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‘Extreme’ Indonesian market ends dog, cat meat trade

by Agence France Presse

JAKARTA, Indonesia– A notorious Indonesian animal market has ended the sale of dog and cat meat after years of activist pressure to stop the trade and its brutal methods of slaughter, according to campaigners.

Canine and feline meat were on the menu alongside bats, rats, snakes and monkeys at the Tomohon Extreme Market on Sulawesi island, known for its disturbing culinary spread until a ban was imposed on Friday.

The previously uncompromising bazaar is the first such market in the country to finally back down and stop the trade of cat and dog meat, animal rights group Humane Society International (HSI) said in a statement Friday.

It called the ban a “historic agreement that will spare thousands of animals from being bludgeoned and blowtorched to death for human consumption.”

Indonesia remains one of the few countries in the world that still permits the sale of dog and cat meat due to local traditions and culture.

The market’s six remaining dog and cat meat traders signed an agreement to stop the sale, and the mayor of Tomohon city signed into law a ban on future trade at the market, the group said in a statement.

“The impact will be far-reaching, shutting down business for the traders’ vast network of traffickers, dog thieves and slaughterers,” Lola Webber, HSI’s director of campaigns to end the dog meat trade, said.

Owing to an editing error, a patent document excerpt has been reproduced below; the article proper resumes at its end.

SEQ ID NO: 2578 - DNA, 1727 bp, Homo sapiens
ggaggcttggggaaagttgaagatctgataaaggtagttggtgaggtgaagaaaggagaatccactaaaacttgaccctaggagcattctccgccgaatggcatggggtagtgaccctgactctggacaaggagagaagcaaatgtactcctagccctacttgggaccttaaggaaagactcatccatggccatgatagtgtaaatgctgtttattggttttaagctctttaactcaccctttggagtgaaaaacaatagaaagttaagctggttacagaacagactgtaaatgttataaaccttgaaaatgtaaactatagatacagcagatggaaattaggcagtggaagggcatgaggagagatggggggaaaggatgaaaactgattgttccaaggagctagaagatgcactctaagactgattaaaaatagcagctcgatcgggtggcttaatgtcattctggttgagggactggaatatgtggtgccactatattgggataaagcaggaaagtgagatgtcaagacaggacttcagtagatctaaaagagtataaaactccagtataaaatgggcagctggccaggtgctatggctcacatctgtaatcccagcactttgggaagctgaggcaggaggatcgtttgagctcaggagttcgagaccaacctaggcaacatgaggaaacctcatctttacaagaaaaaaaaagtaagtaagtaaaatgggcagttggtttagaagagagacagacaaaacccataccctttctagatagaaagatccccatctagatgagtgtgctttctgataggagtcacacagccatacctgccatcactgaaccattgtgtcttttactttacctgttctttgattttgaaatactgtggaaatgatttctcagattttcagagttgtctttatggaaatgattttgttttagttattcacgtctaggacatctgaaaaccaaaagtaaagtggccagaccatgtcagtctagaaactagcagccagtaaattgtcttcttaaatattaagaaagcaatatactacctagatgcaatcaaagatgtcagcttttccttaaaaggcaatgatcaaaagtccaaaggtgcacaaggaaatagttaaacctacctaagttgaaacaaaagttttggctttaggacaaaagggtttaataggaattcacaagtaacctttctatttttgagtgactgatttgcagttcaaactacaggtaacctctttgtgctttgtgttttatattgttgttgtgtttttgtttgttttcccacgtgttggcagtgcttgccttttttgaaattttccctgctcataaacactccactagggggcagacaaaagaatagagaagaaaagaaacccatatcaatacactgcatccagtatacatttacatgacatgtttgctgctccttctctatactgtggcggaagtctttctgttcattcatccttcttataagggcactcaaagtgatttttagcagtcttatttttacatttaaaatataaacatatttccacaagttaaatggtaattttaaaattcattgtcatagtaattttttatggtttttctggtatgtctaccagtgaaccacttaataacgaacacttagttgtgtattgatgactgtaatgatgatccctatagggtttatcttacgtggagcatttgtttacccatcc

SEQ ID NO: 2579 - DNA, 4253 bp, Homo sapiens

“We hope this unprecedented agreement will set the standard.”

The rights group said the agreement has potentially saved the lives of thousands of pups on the island, where as many as 130,000 are slaughtered annually.

The market had courted widespread criticism from activists for the methods used to slaughter animals, such as beatings, hangings and blowtorching of fur while they were still alive.

Those calls ramped up after the first cluster of the coronavirus outbreak in 2020 was linked to a wet market in the Chinese city of Wuhan, stoking fears elsewhere that viruses were jumping from animals to humans.

HSI and Indonesian rights groups are also trying to stop the trade to prevent the spread of the deadly rabies virus.

Elvianus Pongoh, one of the sellers at Tomohon for 25 years, said the time was right to end the trade.

“I have probably slaughtered thousands of dogs. Every now and then I would see the fear in their eyes… as I came for them, and it made me feel bad,” he said in the HSI press release.

“I know this ban is best for the animals and also best to protect the public.”

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